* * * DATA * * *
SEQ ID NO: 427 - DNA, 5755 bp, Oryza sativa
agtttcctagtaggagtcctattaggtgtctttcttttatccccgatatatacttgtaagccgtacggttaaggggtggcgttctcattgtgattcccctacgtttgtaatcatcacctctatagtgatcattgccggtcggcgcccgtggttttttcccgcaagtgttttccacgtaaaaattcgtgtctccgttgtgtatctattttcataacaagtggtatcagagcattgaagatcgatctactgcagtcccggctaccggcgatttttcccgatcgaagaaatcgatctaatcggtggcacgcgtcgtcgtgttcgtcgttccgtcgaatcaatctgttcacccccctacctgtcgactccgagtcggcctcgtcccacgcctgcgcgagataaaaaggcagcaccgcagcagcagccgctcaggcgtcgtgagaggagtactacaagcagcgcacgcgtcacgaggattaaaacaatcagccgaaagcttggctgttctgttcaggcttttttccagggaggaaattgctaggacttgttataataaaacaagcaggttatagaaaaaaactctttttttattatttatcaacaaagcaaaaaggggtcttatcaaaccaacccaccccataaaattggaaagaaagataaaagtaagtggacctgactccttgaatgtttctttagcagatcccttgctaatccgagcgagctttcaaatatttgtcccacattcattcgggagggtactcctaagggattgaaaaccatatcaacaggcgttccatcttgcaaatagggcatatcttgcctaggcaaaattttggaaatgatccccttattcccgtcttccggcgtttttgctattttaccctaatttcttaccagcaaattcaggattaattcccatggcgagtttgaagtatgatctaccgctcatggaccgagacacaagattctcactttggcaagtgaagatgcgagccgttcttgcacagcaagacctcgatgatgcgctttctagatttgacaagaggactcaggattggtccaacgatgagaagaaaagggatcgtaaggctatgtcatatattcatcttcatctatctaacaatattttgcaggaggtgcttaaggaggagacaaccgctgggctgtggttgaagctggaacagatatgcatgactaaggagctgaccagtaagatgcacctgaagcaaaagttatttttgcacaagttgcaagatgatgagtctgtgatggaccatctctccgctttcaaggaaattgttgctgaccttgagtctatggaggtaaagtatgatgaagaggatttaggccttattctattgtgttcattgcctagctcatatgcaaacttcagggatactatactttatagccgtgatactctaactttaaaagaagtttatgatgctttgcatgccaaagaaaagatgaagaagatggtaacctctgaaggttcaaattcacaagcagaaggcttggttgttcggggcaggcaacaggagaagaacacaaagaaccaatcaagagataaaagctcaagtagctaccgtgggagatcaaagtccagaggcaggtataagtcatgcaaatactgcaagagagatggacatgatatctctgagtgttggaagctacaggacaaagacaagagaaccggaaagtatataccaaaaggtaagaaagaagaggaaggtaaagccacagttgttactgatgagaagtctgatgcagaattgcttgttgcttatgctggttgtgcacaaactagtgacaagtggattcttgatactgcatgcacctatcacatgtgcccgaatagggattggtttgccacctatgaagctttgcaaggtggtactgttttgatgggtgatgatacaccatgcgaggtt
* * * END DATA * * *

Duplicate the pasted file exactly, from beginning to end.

SEQ ID NO: 427 - DNA, 5755 bp, Oryza sativa
agtttcctagtaggagtcctattaggtgtctttcttttatccccgatatatacttgtaagccgtacggttaaggggtggcgttctcattgtgattcccctacgtttgtaatcatcacctctatagtgatcattgccggtcggcgcccgtggttttttcccgcaagtgttttccacgtaaaaattcgtgtctccgttgtgtatctattttcataacaagtggtatcagagcattgaagatcgatctactgcagtcccggctaccggcgatttttcccgatcgaagaaatcgatctaatcggtggcacgcgtcgtcgtgttcgtcgttccgtcgaatcaatctgttcacccccctacctgtcgactccgagtcggcctcgtcccacgcctgcgcgagataaaaaggcagcaccgcagcagcagccgctcaggcgtcgtgagaggagtactacaagcagcgcacgcgtcacgaggattaaaacaatcagccgaaagcttggctgttctgttcaggcttttttccagggaggaaattgctaggacttgttataataaaacaagcaggttatagaaaaaaactctttttttattatttatcaacaaagcaaaaaggggtcttatcaaaccaacccaccccataaaattggaaagaaagataaaagtaagtggacctgactccttgaatgtttctttagcagatcccttgctaatccgagcgagctttcaaatatttgtcccacattcattcgggagggtactcctaagggattgaaaaccatatcaacaggcgttccatcttgcaaatagggcatatcttgcctaggcaaaattttggaaatgatccccttattcccgtcttccggcgtttttgctattttaccctaatttcttaccagcaaattcaggattaattcccatggcgagtttgaagtatgatctaccgctcatggaccgagacacaagattctcactttggcaagtgaagatgcgagccgttcttgcacagcaagacctcgatgatgcgctttctagatttgacaagaggactcaggattggtccaacgatgagaagaaaagggatcgtaaggctatgtcatatattcatcttcatctatctaacaatattttgcaggaggtgcttaaggaggagacaaccgctgggctgtggttgaagctggaacagatatgcatgactaaggagctgaccagtaagatgcacctgaagcaaaagttatttttgcacaagttgcaagatgatgagtctgtgatggaccatctctccgctttcaaggaaattgttgctgaccttgagtctatggaggtaaagtatgatgaagaggatttaggccttattctattgtgttcattgcctagctcatatgcaaacttcagggatactatactttatagccgtgatactctaactttaaaagaagtttatgatgctttgcatgccaaagaaaagatgaagaagatggtaacctctgaaggttcaaattcacaagcagaaggcttggttgttcggggcaggcaacaggagaagaacacaaagaaccaatcaagagataaaagctcaagtagctaccgtgggagatcaaagtccagaggcaggtataagtcatgcaaatactgcaagagagatggacatgatatctctgagtgttggaagctacaggacaaagacaagagaaccggaaagtatataccaaaaggtaagaaagaagaggaaggtaaagccacagttgttactgatgagaagtctgatgcagaattgcttgttgcttatgctggttgtgcacaaactagtgacaagtggattcttgatactgcatgcacctatcacatgtgcccgaatagggattggtttgccacctatgaagctttgcaaggtggtactgttttgatgggtgatgatacaccatgcgaggtt